Kids are exposed to more germs at the start of the school year. While back to school illnesses and infections are inevitable, you can always help prevent sickness by encouraging your kids to wash their hands regularly. If your child happens to catch something at school, we always recommend you visit us at any of our locations along Denver’s metro area so we can help them start feeling better faster!

Here are six common illnesses and infections we see now that school is in session.

common classroom illnesses

Common Cold

Most people get colds in the winter and spring, but it is possible to get a cold any time of the year. Symptoms usually include:

  • Sore throat
  • Runny nose
  • Coughing
  • Sneezing
  • Headaches
  • Body aches

There is no cure for a cold. Most people recover within about 7 to 10 days. Getting lots of rest and drinking plenty of fluids will help you to start feeling better. Over-the-counter medicines may help ease symptoms but will not make your cold go away any faster.

People with weakened immune systems, asthma, or respiratory conditions may develop serious illness, such as bronchitis or pneumonia. You should seek medical advice from a provider if you or your child has one or more of these conditions:

  • Symptoms that last more than 10 days
  • Symptoms that are severe or unusual
  • If your child is younger than 3 months of age and has a fever or is lethargic

You should also seek medical advice right away if you are at high risk for serious flu complications and get flu symptoms such as fever, chills, and muscle or body aches.

Strep Throat

In general, strep throat is a mild infection, but it can be very painful. The most common symptoms of a strep infection include:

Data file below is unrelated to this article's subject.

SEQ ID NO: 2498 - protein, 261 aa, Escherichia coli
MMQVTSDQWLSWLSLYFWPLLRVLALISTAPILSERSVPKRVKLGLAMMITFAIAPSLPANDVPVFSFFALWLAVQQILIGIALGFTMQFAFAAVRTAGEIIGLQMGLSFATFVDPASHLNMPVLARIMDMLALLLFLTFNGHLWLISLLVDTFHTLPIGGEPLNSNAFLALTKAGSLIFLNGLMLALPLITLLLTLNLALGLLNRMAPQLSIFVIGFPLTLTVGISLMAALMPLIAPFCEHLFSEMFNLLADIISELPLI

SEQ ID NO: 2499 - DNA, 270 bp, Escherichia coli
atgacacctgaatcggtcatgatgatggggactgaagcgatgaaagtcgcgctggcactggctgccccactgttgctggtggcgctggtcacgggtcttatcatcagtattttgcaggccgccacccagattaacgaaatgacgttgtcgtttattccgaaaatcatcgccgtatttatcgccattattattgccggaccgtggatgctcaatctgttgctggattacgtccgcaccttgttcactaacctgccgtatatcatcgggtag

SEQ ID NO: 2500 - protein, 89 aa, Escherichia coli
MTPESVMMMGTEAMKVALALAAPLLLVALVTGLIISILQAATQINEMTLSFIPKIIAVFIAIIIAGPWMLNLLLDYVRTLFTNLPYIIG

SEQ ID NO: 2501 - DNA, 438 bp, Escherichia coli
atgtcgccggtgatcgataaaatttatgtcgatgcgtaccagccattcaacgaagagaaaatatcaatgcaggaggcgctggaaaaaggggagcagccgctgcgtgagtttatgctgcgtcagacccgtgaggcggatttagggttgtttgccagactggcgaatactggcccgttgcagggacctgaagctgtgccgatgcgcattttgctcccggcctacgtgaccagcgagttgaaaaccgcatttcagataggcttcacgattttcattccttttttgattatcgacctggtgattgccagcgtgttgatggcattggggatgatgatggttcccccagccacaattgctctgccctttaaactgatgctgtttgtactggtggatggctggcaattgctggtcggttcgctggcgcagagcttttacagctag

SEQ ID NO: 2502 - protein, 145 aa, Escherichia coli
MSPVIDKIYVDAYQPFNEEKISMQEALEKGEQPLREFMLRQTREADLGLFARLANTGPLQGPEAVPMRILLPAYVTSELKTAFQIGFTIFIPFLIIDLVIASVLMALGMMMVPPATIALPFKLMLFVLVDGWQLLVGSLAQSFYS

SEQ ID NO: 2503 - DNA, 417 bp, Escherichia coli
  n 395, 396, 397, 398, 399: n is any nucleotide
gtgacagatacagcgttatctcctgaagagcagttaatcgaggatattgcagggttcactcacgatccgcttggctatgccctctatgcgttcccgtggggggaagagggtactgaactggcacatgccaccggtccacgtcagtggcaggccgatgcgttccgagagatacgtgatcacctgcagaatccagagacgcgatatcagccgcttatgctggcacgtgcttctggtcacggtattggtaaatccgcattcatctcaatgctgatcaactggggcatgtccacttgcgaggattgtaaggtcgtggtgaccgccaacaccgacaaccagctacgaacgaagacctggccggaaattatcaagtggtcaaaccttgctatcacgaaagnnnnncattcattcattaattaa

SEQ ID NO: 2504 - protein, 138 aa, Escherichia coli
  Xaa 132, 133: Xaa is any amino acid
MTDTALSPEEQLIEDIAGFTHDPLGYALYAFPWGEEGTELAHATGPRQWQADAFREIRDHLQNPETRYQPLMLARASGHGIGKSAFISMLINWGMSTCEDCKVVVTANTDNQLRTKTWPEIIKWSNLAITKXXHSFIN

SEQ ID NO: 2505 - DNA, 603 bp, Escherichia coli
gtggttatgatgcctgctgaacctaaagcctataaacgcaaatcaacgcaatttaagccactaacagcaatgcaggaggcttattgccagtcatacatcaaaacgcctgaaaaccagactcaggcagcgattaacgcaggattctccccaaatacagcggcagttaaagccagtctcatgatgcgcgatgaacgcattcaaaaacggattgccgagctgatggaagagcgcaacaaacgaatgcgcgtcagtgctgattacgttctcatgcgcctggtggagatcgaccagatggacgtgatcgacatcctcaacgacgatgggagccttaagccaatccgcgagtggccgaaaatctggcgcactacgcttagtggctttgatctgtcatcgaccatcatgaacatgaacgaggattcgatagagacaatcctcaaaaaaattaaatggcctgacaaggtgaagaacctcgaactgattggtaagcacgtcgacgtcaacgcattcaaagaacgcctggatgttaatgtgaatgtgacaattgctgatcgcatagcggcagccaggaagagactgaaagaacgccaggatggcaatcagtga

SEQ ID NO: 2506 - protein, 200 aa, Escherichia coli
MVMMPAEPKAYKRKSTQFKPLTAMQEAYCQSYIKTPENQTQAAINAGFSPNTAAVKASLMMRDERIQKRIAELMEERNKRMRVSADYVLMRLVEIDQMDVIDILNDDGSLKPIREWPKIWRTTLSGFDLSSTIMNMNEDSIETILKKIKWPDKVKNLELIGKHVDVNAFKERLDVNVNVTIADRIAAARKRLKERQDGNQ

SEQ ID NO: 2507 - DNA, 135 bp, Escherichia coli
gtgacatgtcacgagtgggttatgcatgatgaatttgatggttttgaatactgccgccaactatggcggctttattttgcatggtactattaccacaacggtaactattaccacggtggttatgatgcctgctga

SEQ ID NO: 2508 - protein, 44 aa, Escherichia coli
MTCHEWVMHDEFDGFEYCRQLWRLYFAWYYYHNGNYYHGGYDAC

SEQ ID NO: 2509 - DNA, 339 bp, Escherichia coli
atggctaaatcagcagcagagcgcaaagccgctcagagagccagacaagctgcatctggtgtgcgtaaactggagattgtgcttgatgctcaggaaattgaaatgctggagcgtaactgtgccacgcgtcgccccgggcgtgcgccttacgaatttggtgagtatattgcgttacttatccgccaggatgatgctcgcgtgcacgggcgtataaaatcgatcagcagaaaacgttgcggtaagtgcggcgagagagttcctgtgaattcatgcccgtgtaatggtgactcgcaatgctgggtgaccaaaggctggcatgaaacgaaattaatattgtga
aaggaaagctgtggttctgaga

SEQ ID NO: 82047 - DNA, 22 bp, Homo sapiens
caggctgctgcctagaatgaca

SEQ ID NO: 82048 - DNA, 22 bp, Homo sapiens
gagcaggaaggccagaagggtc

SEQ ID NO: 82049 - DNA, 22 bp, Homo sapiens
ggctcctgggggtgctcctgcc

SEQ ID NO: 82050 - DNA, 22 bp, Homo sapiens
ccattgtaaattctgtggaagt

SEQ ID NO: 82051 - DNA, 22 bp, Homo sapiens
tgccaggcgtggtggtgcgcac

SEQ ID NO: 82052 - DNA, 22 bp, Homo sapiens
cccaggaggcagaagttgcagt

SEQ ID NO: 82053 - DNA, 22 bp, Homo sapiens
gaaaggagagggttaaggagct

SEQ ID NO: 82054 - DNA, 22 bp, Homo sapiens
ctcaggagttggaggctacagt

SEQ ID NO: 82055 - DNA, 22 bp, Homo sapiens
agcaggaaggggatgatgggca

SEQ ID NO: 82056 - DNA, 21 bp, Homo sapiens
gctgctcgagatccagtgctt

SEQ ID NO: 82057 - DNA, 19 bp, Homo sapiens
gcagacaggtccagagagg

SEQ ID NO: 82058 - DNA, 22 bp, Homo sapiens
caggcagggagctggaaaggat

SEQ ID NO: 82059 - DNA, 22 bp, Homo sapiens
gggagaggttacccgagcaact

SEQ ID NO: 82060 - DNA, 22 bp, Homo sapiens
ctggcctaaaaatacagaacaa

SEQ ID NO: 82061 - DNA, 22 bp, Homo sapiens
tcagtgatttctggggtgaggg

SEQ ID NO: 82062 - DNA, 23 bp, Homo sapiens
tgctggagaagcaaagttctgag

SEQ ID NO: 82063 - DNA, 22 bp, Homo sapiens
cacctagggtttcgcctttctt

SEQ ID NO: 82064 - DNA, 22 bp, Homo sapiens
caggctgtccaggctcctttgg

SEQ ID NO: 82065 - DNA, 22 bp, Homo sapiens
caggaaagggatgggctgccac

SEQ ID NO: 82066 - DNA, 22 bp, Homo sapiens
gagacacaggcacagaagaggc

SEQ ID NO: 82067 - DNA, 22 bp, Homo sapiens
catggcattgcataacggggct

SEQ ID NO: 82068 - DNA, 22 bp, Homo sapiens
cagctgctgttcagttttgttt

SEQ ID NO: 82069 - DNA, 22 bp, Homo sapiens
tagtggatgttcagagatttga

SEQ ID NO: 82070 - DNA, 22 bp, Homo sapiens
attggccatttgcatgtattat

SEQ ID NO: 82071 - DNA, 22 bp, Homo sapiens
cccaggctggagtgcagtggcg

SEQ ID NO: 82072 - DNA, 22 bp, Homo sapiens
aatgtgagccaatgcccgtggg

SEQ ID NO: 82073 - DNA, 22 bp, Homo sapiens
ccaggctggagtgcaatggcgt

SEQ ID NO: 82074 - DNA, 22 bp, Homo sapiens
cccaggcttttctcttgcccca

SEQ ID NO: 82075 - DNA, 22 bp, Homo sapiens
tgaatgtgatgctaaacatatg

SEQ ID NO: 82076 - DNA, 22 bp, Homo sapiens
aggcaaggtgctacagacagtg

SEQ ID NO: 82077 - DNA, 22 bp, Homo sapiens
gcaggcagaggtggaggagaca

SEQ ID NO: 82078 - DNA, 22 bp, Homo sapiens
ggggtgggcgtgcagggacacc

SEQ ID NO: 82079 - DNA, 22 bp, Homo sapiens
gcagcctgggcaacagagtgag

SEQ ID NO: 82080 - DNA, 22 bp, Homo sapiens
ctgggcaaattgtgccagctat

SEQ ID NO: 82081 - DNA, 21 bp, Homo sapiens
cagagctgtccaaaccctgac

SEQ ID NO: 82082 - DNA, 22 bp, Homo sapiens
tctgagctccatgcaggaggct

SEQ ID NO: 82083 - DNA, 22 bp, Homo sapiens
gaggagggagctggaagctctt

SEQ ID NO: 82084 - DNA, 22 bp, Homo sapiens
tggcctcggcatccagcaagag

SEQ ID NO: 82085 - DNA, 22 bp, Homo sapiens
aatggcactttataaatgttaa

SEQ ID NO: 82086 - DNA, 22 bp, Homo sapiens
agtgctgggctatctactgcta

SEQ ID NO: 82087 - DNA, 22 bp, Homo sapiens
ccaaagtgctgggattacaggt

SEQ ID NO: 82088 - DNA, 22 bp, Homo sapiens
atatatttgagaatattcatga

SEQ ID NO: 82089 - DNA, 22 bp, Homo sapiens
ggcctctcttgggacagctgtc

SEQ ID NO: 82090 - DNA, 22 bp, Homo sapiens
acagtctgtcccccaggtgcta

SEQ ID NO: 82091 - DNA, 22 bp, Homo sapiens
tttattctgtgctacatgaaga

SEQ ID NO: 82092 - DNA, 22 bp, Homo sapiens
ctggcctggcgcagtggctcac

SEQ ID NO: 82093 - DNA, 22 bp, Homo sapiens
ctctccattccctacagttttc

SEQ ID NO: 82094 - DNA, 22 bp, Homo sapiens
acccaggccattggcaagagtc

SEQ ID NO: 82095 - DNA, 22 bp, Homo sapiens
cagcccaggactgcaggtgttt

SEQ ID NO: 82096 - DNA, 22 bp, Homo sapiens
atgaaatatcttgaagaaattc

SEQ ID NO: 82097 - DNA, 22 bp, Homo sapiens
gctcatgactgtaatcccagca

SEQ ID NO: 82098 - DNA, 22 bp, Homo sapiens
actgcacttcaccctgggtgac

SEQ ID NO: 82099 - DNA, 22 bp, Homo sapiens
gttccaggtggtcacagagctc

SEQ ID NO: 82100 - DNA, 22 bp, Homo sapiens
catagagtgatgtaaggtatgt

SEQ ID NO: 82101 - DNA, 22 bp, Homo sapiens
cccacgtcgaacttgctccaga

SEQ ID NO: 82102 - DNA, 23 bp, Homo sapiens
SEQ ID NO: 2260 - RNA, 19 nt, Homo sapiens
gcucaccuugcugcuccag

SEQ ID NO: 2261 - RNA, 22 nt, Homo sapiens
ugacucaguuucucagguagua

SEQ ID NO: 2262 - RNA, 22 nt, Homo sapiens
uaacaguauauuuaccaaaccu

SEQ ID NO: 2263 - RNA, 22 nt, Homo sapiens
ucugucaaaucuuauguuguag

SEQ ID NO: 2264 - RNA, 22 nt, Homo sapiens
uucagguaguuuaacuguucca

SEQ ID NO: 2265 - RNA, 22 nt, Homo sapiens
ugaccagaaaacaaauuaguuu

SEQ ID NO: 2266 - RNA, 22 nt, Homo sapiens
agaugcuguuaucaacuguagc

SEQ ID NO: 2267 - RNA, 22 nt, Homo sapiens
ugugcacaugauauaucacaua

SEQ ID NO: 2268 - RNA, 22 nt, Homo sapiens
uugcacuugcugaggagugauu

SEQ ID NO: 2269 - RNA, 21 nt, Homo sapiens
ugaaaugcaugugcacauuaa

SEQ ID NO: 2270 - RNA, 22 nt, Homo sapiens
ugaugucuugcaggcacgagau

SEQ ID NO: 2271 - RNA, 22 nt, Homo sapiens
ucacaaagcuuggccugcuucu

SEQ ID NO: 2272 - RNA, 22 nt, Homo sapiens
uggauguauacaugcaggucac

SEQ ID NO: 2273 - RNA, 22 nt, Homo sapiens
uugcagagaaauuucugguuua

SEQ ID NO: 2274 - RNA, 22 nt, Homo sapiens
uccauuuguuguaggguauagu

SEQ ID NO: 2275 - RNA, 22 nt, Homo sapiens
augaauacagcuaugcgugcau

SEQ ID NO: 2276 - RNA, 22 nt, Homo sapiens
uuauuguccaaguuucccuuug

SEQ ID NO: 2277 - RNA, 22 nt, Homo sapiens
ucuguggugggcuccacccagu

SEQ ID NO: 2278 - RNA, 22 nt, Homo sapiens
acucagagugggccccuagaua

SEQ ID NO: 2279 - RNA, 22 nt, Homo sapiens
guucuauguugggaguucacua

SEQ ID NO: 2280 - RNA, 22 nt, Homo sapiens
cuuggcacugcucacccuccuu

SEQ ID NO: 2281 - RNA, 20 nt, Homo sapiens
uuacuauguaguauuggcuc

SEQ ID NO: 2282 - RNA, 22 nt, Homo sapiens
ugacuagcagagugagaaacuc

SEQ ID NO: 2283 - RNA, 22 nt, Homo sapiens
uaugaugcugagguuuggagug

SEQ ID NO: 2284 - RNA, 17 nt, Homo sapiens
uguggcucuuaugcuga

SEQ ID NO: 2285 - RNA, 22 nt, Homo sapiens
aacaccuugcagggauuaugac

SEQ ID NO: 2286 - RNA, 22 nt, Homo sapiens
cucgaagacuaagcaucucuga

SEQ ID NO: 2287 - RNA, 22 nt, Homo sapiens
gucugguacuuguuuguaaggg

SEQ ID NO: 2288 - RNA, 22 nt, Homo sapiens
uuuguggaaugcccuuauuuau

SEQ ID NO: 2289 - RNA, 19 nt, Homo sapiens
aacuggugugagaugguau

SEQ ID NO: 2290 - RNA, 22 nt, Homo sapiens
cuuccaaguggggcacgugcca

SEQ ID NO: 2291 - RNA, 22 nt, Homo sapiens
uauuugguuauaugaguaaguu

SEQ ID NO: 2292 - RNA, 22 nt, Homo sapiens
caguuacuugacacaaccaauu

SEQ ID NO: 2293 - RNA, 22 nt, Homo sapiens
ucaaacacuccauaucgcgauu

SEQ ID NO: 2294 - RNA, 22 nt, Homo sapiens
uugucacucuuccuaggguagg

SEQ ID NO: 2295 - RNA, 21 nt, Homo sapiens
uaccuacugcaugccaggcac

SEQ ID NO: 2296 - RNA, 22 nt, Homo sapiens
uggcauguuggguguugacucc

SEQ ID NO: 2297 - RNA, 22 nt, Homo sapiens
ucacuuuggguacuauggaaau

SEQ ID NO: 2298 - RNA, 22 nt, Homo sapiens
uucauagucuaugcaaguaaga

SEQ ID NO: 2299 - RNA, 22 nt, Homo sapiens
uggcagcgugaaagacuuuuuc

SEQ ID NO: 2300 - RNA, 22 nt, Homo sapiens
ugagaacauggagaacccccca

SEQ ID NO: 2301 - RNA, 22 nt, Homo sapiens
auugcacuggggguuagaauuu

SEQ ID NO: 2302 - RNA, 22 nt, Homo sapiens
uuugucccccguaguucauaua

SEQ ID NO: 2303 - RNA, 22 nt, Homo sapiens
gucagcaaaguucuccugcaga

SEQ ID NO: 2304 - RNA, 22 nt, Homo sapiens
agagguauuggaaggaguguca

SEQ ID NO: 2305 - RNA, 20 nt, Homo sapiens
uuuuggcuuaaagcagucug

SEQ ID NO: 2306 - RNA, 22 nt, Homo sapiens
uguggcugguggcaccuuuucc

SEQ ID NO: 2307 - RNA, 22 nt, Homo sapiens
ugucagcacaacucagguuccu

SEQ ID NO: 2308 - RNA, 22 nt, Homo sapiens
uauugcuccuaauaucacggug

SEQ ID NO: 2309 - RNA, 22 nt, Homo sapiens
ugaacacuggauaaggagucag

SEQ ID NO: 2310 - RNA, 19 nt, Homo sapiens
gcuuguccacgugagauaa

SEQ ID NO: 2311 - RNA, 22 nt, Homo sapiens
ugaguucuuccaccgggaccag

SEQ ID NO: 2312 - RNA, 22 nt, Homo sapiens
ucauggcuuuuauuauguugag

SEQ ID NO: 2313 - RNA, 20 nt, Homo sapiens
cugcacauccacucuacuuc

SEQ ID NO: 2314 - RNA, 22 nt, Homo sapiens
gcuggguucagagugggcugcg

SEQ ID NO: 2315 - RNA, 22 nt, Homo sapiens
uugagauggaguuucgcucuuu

• Sore throat that can start very quickly
  • Pain when swallowing
  • Fever
  • Red and swollen tonsils, sometimes with white patches or streaks of pus
  • Tiny, red spots (petechiae — pronounced pi-TEE-kee-eye) on the roof of the mouth (the soft or hard palate)
  • Swollen lymph nodes in the front of the neck

Other symptoms may include headache, stomach pain, nausea, or vomiting — especially in children. Someone with strep throat may also have a rash known as scarlet fever.

Only a rapid strep test or throat culture can determine if group A strep is the cause. A medical provider cannot tell if someone has strep throat just by looking at their throat. Strep is treated with antibiotics. Someone who tests positive for strep throat but has no symptoms (called a “carrier”) usually does not need antibiotics.


Infectious mononucleosis, also called “mono,” is a contagious disease. Sometimes called the “kissing disease,” it is common among teenagers and young adults, especially college students.

Epstein-Barr virus (EBV) is the most common cause of the infection. At least one out of four teenagers and young adults who get infected with EBV will develop infectious mononucleosis. Symptoms include:

  • Extreme fatigue
  • Fever
  • Sore throat
  • Head and body aches
  • Swollen lymph nodes in the neck and armpits
  • Enlarged spleen and/or liver
  • Rash

Symptoms may develop slowly and may not all occur at the same time. There is no vaccine to protect against infectious mononucleosis. You can help protect yourself by not kissing or sharing drinks, food, or personal items, like toothbrushes, with people who have infectious mononucleosis. You can help relieve symptoms of infectious mononucleosis by:

  • Drinking fluids to stay hydrated
  • Getting plenty of rest
  • Taking over-the-counter medications for pain and fever

If you have mono, you should not take penicillin antibiotics like ampicillin or amoxicillin. Based on the severity of the symptoms, a healthcare provider may recommend treatment of specific organ systems affected by mono.

Head Lice

The head louse is a parasitic insect that can be found on the head, eyebrows, and eyelashes of people. Head lice feed on human blood several times a day and live close to the human scalp. Head lice are not known to spread disease.